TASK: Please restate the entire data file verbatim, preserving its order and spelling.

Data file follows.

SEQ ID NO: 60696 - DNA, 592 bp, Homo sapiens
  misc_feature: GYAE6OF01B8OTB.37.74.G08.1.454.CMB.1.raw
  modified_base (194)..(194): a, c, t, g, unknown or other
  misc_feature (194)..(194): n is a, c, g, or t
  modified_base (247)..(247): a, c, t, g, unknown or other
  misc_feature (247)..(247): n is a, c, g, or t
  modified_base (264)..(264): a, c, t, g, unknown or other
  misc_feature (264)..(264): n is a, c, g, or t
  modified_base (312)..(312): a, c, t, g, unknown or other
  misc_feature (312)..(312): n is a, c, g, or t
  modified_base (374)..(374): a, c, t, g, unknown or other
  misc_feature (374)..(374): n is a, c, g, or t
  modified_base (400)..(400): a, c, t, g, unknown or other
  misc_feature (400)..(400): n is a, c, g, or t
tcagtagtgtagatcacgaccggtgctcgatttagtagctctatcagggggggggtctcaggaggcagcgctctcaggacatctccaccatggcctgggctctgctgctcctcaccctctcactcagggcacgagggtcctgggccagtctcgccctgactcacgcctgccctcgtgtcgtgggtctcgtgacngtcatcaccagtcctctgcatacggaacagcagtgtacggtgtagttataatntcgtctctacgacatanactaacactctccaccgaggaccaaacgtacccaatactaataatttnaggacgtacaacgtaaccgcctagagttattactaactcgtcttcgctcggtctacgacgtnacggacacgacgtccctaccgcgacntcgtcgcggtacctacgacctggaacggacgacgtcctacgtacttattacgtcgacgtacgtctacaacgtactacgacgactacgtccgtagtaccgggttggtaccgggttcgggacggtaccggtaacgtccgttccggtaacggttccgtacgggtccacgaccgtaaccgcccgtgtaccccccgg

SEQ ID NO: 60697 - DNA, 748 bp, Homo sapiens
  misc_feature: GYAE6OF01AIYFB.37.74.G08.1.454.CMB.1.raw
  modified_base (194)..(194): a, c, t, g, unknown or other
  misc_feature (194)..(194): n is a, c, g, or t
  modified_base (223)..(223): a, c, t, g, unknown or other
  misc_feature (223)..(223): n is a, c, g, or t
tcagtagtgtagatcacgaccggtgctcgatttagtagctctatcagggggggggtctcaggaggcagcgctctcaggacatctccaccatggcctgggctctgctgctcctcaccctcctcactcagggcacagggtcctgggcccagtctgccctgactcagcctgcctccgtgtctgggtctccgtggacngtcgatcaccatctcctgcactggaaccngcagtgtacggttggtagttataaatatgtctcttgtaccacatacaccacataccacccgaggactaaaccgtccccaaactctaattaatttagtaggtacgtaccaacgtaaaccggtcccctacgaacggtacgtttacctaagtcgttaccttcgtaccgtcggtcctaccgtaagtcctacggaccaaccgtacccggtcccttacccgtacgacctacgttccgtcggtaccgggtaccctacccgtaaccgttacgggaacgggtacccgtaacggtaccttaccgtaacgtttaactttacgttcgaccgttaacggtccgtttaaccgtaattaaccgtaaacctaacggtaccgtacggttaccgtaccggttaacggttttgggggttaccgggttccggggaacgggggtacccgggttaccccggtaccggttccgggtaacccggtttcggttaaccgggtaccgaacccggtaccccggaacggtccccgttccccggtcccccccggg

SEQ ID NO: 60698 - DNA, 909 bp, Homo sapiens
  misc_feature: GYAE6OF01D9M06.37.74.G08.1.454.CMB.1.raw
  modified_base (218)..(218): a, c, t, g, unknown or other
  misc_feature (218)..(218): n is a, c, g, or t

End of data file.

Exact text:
SEQ ID NO: 60696 - DNA, 592 bp, Homo sapiens
  misc_feature: GYAE6OF01B8OTB.37.74.G08.1.454.CMB.1.raw
  modified_base (194)..(194): a, c, t, g, unknown or other
  misc_feature (194)..(194): n is a, c, g, or t
  modified_base (247)..(247): a, c, t, g, unknown or other
  misc_feature (247)..(247): n is a, c, g, or t
  modified_base (264)..(264): a, c, t, g, unknown or other
  misc_feature (264)..(264): n is a, c, g, or t
  modified_base (312)..(312): a, c, t, g, unknown or other
  misc_feature (312)..(312): n is a, c, g, or t
  modified_base (374)..(374): a, c, t, g, unknown or other
  misc_feature (374)..(374): n is a, c, g, or t
  modified_base (400)..(400): a, c, t, g, unknown or other
  misc_feature (400)..(400): n is a, c, g, or t
tcagtagtgtagatcacgaccggtgctcgatttagtagctctatcagggggggggtctcaggaggcagcgctctcaggacatctccaccatggcctgggctctgctgctcctcaccctctcactcagggcacgagggtcctgggccagtctcgccctgactcacgcctgccctcgtgtcgtgggtctcgtgacngtcatcaccagtcctctgcatacggaacagcagtgtacggtgtagttataatntcgtctctacgacatanactaacactctccaccgaggaccaaacgtacccaatactaataatttnaggacgtacaacgtaaccgcctagagttattactaactcgtcttcgctcggtctacgacgtnacggacacgacgtccctaccgcgacntcgtcgcggtacctacgacctggaacggacgacgtcctacgtacttattacgtcgacgtacgtctacaacgtactacgacgactacgtccgtagtaccgggttggtaccgggttcgggacggtaccggtaacgtccgttccggtaacggttccgtacgggtccacgaccgtaaccgcccgtgtaccccccgg

SEQ ID NO: 60697 - DNA, 748 bp, Homo sapiens
  misc_feature: GYAE6OF01AIYFB.37.74.G08.1.454.CMB.1.raw
  modified_base (194)..(194): a, c, t, g, unknown or other
  misc_feature (194)..(194): n is a, c, g, or t
  modified_base (223)..(223): a, c, t, g, unknown or other
  misc_feature (223)..(223): n is a, c, g, or t
tcagtagtgtagatcacgaccggtgctcgatttagtagctctatcagggggggggtctcaggaggcagcgctctcaggacatctccaccatggcctgggctctgctgctcctcaccctcctcactcagggcacagggtcctgggcccagtctgccctgactcagcctgcctccgtgtctgggtctccgtggacngtcgatcaccatctcctgcactggaaccngcagtgtacggttggtagttataaatatgtctcttgtaccacatacaccacataccacccgaggactaaaccgtccccaaactctaattaatttagtaggtacgtaccaacgtaaaccggtcccctacgaacggtacgtttacctaagtcgttaccttcgtaccgtcggtcctaccgtaagtcctacggaccaaccgtacccggtcccttacccgtacgacctacgttccgtcggtaccgggtaccctacccgtaaccgttacgggaacgggtacccgtaacggtaccttaccgtaacgtttaactttacgttcgaccgttaacggtccgtttaaccgtaattaaccgtaaacctaacggtaccgtacggttaccgtaccggttaacggttttgggggttaccgggttccggggaacgggggtacccgggttaccccggtaccggttccgggtaacccggtttcggttaaccgggtaccgaacccggtaccccggaacggtccccgttccccggtcccccccggg

SEQ ID NO: 60698 - DNA, 909 bp, Homo sapiens
  misc_feature: GYAE6OF01D9M06.37.74.G08.1.454.CMB.1.raw
  modified_base (218)..(218): a, c, t, g, unknown or other
  misc_feature (218)..(218): n is a, c, g, or t